I think niche pricing is one of the better ideas. The key will be providing niche content, or level of content, people can’t get other places.

  • eduarso

    “times weather”? weather is already commodity-level info…

  • Martin Langeveld

    Michael, thanks for pointing out that pricing might be variable, like airplane seats, as we’ve discussed here before. So some of the niches could have several pricing tiers depending on the deepness and richness of the content.

  • Martin Langeveld

    Eduarso: sure, weather is a commodity, but true weather junkies will pay for the best access to maps and other tools while the average person just wants the forecast. See the weather packages offered on this Australian site, for example:
    Only the $5 subscribers get the fanciest maps and data.

  • Joey Baker

    My reaction on reading the sliver and gold plans was “meh, why not?” I imagine that some people will pay for these extra features which will take some (but little) extra work to produce. I say they should go for it – experimentation is the name of the game!

  • TC

    Niche idea is great. But wouldn’t that require a lot of additional investment by the Times to populate all that deep content? How much would they have to charge to make up for what they’re losing (or not making) now, PLUS cover the added cost of all the new content?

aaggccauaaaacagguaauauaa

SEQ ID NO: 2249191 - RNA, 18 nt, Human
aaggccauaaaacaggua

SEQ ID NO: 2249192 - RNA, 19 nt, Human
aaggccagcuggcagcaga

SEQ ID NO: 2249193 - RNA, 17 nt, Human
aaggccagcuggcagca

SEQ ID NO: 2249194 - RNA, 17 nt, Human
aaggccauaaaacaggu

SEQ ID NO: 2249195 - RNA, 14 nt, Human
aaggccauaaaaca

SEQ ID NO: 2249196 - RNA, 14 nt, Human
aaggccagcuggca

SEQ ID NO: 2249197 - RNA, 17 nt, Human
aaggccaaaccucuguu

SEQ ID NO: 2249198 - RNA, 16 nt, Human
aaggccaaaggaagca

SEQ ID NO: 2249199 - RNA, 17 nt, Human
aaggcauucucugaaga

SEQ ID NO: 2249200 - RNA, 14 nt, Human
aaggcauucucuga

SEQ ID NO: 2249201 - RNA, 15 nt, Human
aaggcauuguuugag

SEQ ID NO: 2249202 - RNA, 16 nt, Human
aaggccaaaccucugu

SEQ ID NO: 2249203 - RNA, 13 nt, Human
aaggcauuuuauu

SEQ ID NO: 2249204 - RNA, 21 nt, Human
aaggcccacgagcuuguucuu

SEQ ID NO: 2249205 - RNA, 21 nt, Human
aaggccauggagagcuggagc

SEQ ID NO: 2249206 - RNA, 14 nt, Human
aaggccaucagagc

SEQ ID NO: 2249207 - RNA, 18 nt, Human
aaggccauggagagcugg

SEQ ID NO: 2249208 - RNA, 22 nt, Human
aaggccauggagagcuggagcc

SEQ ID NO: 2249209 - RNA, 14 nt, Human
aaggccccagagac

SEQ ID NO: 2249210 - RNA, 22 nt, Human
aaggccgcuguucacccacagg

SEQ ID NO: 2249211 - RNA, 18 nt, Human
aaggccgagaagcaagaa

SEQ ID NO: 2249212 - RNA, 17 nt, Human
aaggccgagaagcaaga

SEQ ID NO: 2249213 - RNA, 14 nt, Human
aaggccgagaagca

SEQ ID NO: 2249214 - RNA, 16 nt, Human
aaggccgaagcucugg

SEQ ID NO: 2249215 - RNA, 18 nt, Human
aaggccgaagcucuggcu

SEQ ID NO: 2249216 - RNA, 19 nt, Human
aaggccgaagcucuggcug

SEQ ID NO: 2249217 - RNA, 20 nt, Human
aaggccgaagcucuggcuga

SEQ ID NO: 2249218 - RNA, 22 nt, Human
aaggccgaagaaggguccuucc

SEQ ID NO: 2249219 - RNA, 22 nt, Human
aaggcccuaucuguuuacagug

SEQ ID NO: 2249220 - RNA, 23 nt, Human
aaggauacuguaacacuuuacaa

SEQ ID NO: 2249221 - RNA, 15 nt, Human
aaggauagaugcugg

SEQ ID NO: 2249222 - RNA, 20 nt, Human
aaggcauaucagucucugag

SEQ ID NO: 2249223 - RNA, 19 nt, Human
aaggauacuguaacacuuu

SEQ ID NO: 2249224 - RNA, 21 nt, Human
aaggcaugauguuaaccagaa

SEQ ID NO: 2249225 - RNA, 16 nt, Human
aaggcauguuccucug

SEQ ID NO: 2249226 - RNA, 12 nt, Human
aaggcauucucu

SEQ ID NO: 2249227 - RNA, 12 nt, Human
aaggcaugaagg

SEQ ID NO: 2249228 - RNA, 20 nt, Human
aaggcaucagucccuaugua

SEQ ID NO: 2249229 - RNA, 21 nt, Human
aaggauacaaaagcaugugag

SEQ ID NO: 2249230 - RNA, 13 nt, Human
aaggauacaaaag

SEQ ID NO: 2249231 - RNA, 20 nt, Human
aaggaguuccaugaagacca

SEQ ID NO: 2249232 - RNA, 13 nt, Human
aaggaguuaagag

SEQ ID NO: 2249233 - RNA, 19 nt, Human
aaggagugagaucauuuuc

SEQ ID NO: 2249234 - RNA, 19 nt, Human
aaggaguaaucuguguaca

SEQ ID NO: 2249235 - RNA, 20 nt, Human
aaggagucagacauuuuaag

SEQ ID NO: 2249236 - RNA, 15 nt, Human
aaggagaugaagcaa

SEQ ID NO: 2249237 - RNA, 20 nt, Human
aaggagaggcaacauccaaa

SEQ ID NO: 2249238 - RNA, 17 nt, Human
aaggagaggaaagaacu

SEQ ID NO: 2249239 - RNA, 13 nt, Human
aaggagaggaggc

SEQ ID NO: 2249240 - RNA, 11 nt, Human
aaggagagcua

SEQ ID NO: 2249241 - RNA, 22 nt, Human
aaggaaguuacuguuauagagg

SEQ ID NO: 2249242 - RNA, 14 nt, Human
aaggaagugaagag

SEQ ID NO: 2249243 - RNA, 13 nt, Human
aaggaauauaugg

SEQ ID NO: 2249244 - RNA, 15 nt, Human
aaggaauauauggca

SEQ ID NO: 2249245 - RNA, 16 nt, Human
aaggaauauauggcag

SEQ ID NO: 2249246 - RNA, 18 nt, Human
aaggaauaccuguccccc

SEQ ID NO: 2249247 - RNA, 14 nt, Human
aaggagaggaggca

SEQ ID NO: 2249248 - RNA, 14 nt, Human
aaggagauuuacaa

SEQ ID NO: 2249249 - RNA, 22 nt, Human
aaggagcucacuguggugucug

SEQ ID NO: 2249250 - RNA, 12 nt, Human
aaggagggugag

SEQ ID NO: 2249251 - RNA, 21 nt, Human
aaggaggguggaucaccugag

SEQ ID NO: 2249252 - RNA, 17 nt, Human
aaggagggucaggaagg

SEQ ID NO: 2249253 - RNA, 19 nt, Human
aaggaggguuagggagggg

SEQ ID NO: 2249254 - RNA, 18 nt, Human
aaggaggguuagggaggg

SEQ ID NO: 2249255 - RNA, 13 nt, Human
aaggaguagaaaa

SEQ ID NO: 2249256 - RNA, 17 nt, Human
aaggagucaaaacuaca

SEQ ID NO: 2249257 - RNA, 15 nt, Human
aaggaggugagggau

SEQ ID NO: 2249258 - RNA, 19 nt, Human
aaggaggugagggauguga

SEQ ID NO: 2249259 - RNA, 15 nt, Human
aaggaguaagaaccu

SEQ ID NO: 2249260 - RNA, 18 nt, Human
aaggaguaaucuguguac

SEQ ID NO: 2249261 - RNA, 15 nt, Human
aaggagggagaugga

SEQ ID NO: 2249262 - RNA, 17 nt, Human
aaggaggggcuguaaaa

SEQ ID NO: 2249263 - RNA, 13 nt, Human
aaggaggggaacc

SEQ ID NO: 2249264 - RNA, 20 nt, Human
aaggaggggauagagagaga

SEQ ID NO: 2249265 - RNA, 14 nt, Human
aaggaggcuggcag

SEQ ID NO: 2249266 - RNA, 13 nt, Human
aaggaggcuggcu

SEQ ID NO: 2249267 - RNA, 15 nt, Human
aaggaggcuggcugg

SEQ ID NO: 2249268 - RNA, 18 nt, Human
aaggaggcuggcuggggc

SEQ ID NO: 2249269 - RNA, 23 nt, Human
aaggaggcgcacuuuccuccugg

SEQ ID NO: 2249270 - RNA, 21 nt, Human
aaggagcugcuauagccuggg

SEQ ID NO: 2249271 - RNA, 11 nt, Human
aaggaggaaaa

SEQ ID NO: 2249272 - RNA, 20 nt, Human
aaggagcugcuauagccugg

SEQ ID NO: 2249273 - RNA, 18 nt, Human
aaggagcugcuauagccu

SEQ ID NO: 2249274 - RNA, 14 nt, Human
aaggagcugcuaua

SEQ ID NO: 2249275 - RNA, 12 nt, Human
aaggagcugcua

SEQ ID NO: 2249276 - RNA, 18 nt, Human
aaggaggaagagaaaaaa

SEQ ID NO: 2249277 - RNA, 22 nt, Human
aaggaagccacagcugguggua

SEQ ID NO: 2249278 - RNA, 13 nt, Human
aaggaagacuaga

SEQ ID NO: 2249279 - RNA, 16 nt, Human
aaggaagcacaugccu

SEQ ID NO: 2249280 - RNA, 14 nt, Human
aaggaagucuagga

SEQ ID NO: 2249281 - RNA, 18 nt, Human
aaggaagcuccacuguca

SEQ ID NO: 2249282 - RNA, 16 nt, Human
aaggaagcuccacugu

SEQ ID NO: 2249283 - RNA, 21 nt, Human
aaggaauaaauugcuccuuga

• Martin Langeveld

    TC: Absolutely, it would require investment. But there’s a cost to Silver and Gold, as well. And notice that Silver and Gold both include services that are now free. For many of the niches, in addition to building deeper content, the Times could move some existing content to the pay side of the equation — material where they know only the serious followers of that niche go. The Times actually has content like that; many papers don’t.

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  • Casey Chapple

    No, no, no, no, and, irreconcilably, no.

    The Times is trying not to fire anybody right now. How do you think you would ask these reporters to write more at length and “deeper”? And why would you think less well-off people would not miss “serious” content?